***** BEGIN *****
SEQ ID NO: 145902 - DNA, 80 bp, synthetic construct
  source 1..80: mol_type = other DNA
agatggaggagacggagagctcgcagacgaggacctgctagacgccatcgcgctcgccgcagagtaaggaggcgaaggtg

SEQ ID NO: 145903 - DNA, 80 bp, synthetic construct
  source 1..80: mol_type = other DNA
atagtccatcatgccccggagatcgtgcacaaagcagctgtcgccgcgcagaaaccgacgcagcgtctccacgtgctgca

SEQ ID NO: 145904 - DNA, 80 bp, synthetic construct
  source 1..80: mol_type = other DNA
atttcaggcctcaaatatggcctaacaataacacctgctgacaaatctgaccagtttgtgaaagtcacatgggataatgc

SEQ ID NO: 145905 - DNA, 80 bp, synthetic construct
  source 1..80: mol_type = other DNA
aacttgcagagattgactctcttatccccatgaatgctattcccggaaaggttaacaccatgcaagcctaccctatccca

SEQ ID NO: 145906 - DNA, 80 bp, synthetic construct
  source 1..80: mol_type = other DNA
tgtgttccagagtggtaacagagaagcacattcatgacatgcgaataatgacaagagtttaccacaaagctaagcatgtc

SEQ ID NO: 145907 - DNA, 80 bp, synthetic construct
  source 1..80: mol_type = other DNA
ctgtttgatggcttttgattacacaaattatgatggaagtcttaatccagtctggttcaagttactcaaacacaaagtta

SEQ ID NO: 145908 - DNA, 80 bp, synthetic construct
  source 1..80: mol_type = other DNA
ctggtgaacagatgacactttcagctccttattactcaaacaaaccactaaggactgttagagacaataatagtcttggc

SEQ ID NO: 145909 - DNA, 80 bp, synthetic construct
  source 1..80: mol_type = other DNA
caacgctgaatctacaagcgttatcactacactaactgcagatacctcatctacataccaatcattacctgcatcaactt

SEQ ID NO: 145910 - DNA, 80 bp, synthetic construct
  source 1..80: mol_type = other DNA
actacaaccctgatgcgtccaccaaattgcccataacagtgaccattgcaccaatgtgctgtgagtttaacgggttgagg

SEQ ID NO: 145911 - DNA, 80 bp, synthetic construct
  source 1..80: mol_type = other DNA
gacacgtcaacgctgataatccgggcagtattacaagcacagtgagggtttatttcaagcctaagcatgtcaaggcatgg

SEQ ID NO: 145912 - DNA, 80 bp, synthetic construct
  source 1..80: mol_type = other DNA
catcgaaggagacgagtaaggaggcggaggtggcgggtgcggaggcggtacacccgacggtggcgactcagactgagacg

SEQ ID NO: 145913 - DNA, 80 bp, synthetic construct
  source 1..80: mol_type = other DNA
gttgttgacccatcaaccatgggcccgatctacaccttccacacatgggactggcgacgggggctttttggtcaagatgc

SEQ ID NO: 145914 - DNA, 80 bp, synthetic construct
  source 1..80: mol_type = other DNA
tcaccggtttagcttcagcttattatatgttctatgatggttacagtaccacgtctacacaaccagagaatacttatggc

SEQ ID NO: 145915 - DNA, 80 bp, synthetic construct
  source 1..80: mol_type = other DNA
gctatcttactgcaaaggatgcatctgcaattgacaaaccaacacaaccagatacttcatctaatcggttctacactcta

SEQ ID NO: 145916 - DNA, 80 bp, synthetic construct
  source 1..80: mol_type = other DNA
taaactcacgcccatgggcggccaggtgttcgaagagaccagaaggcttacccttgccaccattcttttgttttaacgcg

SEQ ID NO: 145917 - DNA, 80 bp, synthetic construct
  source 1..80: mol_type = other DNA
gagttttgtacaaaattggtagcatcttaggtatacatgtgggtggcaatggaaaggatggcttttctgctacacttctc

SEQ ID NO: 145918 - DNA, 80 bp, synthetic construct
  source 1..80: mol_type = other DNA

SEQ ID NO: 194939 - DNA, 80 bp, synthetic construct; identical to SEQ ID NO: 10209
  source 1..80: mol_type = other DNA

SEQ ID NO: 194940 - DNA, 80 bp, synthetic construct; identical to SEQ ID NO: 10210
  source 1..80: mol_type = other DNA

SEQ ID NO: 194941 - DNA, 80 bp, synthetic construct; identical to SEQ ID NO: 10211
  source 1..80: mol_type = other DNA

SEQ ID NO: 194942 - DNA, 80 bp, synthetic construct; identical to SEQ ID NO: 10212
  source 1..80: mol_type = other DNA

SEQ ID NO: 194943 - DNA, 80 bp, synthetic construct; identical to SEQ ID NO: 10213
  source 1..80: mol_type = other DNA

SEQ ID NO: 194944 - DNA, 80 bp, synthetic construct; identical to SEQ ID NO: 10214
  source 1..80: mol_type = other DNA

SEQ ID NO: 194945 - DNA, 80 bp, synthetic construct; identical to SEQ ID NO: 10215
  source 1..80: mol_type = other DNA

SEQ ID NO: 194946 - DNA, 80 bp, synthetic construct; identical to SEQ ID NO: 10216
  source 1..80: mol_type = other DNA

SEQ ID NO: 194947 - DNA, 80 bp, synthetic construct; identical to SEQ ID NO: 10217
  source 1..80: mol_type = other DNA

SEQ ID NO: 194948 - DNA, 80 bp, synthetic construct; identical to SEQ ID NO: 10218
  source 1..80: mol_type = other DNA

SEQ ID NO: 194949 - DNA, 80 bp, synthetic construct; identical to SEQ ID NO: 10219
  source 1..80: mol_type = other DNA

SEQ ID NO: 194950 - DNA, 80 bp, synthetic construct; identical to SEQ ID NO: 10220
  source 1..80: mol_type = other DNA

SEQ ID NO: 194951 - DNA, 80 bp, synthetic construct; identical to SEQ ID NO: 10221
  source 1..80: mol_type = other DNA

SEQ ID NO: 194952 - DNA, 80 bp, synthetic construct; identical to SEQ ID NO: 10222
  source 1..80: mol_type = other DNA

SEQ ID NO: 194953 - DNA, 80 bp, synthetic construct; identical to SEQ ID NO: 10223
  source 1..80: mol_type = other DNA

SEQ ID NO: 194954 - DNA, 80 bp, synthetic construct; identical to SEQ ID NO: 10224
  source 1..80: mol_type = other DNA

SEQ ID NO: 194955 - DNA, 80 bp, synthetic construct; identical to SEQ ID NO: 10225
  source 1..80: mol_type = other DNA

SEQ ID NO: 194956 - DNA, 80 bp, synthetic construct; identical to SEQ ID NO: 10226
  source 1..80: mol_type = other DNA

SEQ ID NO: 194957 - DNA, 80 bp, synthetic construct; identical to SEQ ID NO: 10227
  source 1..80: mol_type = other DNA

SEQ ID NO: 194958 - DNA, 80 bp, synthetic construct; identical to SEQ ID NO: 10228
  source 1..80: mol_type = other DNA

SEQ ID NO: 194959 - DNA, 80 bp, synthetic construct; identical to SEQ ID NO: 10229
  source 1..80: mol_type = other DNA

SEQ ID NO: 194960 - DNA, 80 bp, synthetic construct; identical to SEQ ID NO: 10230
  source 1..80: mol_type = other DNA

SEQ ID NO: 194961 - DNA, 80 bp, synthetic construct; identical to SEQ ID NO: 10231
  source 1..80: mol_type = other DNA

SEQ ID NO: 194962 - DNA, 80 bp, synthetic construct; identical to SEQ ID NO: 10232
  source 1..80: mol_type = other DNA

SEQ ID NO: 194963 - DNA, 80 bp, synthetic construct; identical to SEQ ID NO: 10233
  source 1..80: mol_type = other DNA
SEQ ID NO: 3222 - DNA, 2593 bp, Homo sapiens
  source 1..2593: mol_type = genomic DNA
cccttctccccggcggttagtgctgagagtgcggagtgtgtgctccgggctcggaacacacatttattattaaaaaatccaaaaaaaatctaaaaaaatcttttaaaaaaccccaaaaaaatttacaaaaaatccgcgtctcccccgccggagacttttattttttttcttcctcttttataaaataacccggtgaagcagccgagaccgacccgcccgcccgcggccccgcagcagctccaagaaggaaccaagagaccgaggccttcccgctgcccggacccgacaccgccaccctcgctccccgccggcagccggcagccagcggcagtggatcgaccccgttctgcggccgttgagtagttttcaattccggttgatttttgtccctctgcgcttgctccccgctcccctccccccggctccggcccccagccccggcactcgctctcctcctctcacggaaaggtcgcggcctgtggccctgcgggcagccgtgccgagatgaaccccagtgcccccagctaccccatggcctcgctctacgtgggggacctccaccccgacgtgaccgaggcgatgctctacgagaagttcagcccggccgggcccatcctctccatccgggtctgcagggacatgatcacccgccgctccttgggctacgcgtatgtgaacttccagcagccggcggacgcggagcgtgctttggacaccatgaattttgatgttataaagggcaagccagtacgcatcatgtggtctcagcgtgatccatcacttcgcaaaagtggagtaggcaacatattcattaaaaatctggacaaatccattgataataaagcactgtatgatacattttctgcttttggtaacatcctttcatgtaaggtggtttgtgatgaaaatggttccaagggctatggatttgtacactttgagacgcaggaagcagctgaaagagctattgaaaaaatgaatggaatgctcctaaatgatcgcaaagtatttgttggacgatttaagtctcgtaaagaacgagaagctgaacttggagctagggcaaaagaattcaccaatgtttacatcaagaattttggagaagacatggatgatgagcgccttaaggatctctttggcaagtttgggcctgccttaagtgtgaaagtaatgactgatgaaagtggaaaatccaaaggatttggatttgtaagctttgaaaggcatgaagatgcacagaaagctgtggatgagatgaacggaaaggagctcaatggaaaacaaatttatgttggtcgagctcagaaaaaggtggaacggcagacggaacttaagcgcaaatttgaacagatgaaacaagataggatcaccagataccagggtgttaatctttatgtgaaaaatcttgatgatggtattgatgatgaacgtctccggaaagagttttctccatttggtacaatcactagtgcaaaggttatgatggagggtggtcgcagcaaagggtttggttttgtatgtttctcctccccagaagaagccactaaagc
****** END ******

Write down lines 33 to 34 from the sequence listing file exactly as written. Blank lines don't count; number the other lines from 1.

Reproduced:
catcgaaggagacgagtaaggaggcggaggtggcgggtgcggaggcggtacacccgacggtggcgactcagactgagacg

SEQ ID NO: 145913 - DNA, 80 bp, synthetic construct